💡 This one is tricky! Click on the Move/Size tool and press the Shift key to highlight something to select. Then you can use the 🔼 /🔽 keys on your keyboard to adjust their distance.

9. Continue adding more variables and arrows to your model. Remember to save as you go! Use the image below for guidance:

10. Connect the stock “Free Users Without Use Disorder” to the variable “number of infectives or free users” with an arrow. Change the color of the arrow to orange and make it thicker. This will help us identify the feedback loop we just created! Click on the Comment tool and click on the workspace above the variable “number of infectives or free users”. Select Loop Clkwse and set the color to orange. Label the comment “free users introduce friends”. Under Graphics, check Image and select the + icon. Click OK. Your model should look like this

🔎 What is a feeedback loop? How do you identify a positive and negative feedback loop?

11. Create a stock and label it “Free Users With Use Disorder”. Add a flow going out of the stock, and label it “FU UD quitting”. To change the direction of the flow, drag the small cloud downwards. To change the color of the text to blue, right click on the name and select the respective color. Continue building your model until it looks like the image below:

12. Time to add equations! Reference the equation sheet for the modified version of the model and input the equations and units for all of the variables, stocks, and flows.

🔎 Pay attention to the units and equations! How are relationships between stocks, variables, and flows affected by the direction of the arrows and flows? How is this shown in the equations? In the units? (The model should start making even more sense now!)

13. Before we start simulating, make sure to check the model and check the units for errors. Press Ctrl+T to Check Model and Ctrl+U to Check Units. If there are errors, go back and fix them. If not, we are ready to continue to simulating!

14. We are finally ready to simulate! Keep in mind that the result we are looking for is a starting value of roughly 1.2 million. Your graph should look like this:

Notice how although our graph does not reflect the one in the article, the starting value is the same! You will need to complete the full model to simulate the data more accurately.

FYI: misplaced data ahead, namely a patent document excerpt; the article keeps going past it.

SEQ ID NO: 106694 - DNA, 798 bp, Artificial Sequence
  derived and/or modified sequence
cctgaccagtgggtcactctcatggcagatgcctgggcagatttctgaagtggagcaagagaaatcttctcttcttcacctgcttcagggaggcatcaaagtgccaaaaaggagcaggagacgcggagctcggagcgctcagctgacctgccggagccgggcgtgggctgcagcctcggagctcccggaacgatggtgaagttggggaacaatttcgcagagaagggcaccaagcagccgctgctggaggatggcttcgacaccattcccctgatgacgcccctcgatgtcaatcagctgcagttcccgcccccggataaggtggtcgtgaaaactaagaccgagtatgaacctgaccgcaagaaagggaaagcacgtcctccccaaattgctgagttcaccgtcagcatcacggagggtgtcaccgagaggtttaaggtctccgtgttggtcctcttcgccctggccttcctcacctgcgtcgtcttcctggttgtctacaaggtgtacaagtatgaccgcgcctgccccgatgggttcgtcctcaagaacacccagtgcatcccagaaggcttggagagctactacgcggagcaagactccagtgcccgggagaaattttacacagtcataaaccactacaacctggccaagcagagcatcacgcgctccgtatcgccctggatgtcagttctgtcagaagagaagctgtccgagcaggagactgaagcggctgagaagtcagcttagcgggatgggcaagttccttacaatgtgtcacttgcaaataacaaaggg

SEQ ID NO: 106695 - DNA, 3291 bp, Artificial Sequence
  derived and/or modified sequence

15. Click on the SyntheSim button on the right in the top panel. You should see a bunch of sliders pop up for many of your variables which you can adjust to interactively view how one variable can change your entire model! Once you simulate your model, you now have a data set. Click on the variable "# of people initiating" and then click on the Table and/or Graph buttons to see in detail values of the variable. You can do this with any variable you choose to look into more!

Note: You can stop here but you also have the option of finishing the full model!

16. Now finish the rest of the model on your own to simulate the other values shown in the article! Reference the full model and full model equation sheet. For some variables, you may have to go back and change some equations or add more connections!

When you are finished, you will be able to simulate all of the graphs displayed in the article in Figure 4, Figure 6, and Figure 7! Once you are finished building and smulating the final model, the graphs for these variables should look like this:

💡 Models are never perfect and they can always be improved upon. This is why some of our graphs do not match the ones in the article exactly!
🔎 What are the similarities and differences between your graphs and the model-simulated ones in the articles? Can you find the reason behind why they are different?

🔎 How do these graphs compared to the actual historical data plotted in the article?

Congrats! You've finished this activity!


Dynamic Model of Nonmedical Opioid Use Trajectories and Potential Policy Interventions by Prof. Wakeland-

Opioid Overdose Crisis,

Opioid Misuse and Addiction,

Opioid Overdose, Centers For Disease Control and Prevention-

Fighting the Physics of Human Nature: Acceleration Mental Model Effects on Project Schedule and Cost Performance by Paul Newton-


Claudia Ludwig

Rachel Calder

Paul Newton

Wayne Wakeland

Project by Grace Shen, Neethi Belur, Riddhi Bheda 2020 ISB CMWG

The content of these pages was created by students for students with the help of educators, modelers, and scientists. The views expressed herein are those of the authors and do not necessarily reflect the views of NSF or ISB.